As for the first night's meal, Bruce may be thinking of the shrimp and chicken gumbo which he had made on an earlier trip.  But I'm also hearing that the striper fishing is excellent up on that part of the bay right now, so we ought to keep our options open for fresh fish on the griddle.

steve

ps - I just checked my reference, Washington Tuttle's recollection, and he spent his first night in Worton's Creek, then made Chesapeake City by the following afternoon.  Also noticed a nice quote from Tut about boiling water on a small boat, one that rings very true to me.....

"It has been said that the amount of water boiled aboard a small boat would make you think that Marcus Wellby, M.D. was in the forepeak delivering twins."

Friday, September 14, 2012

Cape May on the bubble, updated

I'm home  today on injured reserve, fighting off a flu bug. The CDC lists my state as having "sporadic" incidents of the flu, but I just came from spending five days with people from all over the country (with several states having outbreaks).  I'm glad to get the bug out of the way now.

I made some use of my down time going over the track, charts, satellite images. 


Visiting Cape May, which appeals to us for a few different reasons, may be dropping a little lower on our list of goals.  Why?  It would add about 40 to 50 miles to the trip, including a 17 mile crossing of the mouth of Delaware Bay.  Looking at the tide forecast we might be crossing the bay with a 2.5 kt incoming tide.  If the wind were out of the N or NW, it could get very lumpy out there.  I'm not sure we want to cross the bay and deal with all the shipping traffic under those conditions.

I wish we could visit the "Jersey Shore", but we might be better off tracking the western (Delaware) shore of the Bay, sticking with the shallower water and avoiding the wide mouth of the bay.  Safer, simpler and less likely to have weather issues.  And this would be following the path of Washington Tuttle, which was our goal in the first place.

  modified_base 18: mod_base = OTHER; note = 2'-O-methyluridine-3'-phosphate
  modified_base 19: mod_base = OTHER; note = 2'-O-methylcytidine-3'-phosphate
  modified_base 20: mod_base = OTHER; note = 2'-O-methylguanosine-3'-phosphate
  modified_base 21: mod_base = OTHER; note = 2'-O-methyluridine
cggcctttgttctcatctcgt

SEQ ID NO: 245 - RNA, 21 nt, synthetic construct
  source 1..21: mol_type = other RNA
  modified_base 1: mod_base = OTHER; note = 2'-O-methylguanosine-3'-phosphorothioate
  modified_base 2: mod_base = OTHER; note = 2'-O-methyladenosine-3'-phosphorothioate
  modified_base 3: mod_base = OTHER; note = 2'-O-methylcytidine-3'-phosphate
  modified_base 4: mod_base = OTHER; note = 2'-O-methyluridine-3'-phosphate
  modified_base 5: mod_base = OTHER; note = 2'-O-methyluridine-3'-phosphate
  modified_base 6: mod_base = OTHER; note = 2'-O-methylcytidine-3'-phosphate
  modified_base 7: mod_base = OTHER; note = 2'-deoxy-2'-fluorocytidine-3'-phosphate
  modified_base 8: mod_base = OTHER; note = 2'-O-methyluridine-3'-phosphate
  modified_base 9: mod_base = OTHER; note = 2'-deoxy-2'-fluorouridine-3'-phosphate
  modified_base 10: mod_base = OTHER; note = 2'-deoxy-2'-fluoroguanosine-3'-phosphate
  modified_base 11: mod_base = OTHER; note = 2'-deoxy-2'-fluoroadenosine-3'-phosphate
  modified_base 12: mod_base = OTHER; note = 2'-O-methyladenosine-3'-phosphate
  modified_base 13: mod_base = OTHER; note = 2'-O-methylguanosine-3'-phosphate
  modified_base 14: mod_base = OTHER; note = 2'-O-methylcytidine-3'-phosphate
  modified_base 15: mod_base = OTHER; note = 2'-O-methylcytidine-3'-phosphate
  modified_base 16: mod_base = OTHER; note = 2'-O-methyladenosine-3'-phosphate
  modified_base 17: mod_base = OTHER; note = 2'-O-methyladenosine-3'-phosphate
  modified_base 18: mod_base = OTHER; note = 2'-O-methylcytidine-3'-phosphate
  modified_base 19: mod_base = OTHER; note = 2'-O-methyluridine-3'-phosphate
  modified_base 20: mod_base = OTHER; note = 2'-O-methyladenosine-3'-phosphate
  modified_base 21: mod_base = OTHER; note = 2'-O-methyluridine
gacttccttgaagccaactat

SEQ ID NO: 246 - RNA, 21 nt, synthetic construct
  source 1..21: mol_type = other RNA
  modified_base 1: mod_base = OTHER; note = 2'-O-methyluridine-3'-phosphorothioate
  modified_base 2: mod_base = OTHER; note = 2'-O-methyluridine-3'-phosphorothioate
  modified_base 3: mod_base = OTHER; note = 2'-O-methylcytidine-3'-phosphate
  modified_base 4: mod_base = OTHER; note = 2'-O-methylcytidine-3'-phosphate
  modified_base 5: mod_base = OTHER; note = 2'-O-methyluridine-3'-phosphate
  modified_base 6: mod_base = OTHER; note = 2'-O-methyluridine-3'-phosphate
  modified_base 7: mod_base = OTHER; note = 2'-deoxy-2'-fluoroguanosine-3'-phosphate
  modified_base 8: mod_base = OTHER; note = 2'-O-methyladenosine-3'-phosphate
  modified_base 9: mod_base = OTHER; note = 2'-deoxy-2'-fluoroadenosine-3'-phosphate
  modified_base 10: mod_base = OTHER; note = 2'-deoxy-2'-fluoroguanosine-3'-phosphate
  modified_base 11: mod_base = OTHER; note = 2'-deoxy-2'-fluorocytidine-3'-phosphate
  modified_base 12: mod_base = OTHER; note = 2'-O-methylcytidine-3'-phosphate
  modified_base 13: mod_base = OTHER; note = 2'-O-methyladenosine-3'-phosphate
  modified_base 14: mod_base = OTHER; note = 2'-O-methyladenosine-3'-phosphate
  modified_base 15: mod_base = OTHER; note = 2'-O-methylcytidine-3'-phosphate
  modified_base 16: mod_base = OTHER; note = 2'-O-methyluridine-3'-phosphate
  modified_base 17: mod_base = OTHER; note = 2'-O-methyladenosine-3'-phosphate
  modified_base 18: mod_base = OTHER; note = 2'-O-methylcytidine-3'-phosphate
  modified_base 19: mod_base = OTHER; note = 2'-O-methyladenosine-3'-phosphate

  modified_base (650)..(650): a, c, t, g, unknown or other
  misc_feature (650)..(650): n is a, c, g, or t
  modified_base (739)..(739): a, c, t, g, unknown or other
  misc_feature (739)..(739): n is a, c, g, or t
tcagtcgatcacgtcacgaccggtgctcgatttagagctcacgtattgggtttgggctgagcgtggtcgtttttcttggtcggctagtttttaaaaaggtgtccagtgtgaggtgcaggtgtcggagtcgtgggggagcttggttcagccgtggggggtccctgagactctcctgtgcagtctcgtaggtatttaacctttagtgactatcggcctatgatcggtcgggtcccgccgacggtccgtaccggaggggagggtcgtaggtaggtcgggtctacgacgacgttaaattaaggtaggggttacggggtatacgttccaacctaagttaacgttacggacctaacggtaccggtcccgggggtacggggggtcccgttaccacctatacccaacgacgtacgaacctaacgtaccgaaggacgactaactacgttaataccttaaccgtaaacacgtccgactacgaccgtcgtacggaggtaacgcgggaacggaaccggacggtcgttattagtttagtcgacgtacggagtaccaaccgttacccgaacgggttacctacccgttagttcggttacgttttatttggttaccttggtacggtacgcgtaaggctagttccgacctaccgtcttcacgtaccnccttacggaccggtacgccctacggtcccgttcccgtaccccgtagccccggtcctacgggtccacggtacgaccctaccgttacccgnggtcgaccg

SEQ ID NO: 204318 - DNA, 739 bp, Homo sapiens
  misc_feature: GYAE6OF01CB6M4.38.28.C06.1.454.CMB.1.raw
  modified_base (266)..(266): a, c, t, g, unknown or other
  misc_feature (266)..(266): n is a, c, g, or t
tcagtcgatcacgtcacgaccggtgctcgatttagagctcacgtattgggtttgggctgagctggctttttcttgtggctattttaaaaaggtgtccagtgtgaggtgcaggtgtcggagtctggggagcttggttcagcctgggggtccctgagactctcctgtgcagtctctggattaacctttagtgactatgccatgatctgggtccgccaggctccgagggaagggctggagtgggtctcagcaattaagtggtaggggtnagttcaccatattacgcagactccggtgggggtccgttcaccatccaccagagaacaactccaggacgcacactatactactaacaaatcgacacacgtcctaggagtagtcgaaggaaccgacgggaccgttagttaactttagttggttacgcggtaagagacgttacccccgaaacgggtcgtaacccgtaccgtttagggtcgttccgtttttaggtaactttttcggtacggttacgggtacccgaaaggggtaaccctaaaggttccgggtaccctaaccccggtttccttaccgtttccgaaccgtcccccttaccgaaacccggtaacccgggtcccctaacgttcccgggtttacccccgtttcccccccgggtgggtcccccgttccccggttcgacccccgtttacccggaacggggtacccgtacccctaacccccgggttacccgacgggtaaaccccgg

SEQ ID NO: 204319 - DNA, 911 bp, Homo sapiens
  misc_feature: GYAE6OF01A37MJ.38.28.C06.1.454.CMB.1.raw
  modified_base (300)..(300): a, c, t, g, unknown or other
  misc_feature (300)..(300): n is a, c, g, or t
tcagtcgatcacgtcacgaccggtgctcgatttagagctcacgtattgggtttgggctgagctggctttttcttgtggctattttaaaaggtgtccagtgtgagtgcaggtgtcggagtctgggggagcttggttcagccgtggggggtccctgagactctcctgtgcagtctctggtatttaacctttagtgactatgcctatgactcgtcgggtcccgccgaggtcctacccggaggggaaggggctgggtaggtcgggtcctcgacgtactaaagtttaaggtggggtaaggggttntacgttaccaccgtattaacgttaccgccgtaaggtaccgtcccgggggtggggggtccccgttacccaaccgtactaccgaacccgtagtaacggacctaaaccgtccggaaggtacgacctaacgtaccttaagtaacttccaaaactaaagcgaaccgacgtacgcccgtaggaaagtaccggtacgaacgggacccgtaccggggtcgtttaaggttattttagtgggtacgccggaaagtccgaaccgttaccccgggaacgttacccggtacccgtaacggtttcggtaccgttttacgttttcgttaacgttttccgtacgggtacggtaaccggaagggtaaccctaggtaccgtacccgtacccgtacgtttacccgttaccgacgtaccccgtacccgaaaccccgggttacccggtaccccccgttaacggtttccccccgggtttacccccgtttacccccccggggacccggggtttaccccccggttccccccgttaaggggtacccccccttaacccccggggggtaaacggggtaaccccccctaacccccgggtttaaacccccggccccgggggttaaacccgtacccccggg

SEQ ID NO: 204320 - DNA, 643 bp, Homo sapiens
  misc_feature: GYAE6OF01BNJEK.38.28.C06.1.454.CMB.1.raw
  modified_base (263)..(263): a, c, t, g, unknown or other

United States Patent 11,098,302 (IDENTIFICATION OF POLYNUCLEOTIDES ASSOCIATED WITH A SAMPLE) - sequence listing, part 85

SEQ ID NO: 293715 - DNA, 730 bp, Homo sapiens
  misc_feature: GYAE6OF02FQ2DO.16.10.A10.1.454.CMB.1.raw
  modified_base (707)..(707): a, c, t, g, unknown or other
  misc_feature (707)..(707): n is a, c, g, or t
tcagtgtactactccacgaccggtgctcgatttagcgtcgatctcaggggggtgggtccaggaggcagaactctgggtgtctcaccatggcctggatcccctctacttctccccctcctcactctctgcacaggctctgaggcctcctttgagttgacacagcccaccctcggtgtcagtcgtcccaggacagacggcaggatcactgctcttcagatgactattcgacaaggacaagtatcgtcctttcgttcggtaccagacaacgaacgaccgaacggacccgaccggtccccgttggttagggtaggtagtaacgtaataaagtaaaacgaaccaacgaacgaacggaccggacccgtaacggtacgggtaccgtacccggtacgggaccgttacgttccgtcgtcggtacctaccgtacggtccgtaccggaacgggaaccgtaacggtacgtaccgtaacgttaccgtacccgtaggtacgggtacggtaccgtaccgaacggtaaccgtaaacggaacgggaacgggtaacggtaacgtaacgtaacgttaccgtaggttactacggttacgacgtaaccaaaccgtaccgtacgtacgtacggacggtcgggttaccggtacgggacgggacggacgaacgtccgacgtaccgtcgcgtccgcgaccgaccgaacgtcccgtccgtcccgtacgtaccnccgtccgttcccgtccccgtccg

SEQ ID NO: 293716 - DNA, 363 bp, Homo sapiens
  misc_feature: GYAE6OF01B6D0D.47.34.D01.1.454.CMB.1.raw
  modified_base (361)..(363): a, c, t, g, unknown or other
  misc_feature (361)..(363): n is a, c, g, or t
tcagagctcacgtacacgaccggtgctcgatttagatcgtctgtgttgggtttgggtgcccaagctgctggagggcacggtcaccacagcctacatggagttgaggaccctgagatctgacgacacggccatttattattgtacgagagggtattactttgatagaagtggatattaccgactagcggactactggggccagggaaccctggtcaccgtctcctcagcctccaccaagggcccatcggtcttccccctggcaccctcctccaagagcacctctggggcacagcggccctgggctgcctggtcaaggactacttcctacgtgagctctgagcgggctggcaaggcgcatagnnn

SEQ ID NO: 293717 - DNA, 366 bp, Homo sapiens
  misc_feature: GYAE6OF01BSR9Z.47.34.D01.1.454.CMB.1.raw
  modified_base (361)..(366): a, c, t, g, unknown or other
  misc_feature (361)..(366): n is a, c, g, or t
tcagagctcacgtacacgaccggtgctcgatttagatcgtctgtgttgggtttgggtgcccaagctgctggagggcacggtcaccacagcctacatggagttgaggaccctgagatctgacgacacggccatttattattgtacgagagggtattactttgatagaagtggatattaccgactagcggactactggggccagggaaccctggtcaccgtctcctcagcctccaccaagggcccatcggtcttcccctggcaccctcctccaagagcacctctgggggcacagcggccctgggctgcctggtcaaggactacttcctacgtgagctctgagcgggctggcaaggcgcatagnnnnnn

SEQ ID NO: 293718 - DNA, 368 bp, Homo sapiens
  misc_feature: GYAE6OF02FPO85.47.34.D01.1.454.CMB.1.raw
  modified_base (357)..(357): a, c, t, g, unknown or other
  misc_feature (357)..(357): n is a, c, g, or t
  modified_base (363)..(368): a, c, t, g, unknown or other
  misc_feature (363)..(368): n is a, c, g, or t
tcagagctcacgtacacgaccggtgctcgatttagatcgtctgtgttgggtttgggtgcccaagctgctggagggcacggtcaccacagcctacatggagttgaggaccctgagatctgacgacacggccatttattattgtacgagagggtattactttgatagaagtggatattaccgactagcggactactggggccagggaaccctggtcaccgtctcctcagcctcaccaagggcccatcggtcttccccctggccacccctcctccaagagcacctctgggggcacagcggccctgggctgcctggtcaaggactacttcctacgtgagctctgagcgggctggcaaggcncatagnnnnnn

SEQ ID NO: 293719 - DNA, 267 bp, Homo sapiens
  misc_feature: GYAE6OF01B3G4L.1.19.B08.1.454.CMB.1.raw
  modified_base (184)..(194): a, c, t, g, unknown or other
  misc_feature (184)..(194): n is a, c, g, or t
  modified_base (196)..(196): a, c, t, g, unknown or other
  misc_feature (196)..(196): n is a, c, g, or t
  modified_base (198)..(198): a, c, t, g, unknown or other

steve

ps - After having made the above post I decided to check my references on small boats crossing Delaware Bay.  The four written records I have - Nathanial Bishop's Voyage in a Paper Canoe, Frank Dye's Sailing to the Edge of Fear, Lee Hughes' The Biggest Boat I Could Afford and of course Washington Tuttle's recollection - all show the small boat voyagers crossing Delaware Bay near the eastern entrance to the C and D canal where the Bay - really a river at that point - is a couple of nautical miles wide.  If avoiding the wide mouth of the bay and ocean currents was good enough for them, it is probably good enough for us too.

I'm tempted to say "discretion is the better part of valor" but there is no valor here - just a couple of guys having fun on a small boat.

Tuesday, September 11, 2012

waypoints, no way

I connected my gps to my laptop and opened Garmin's Homeport software only to find that the waypoints, which I had thought I had created for this coming trip, were nowhere to be found.  In retrospect I realized I had been so focused on (read worried about) Delaware Bay that I had marked only rivers, creeks and bays that offered refuge from that supposedly (we'll see) dreaded body of water.


It took just about twenty minutes to go through the trip, from Rock Hall, Md. up over the top of the Delmarva Peninsula to Wachapreague, to add all the needed waypoints.  I marked a handful of creeks and rivers on Chesapeake Bay, including Still Pond Creek, the Sassafras River and the Bohemia River.
Heading down south on the oceanside of the peninsula I marked Lewes, Indian River Inlet, Ocean City Inlet, Chincoteague Inlet and Wachapreague Inlet.  That should be enough, maybe more than enough.
 

Above is a detail image of Delaware Bay showing creeks and bays where we could hide, if need be.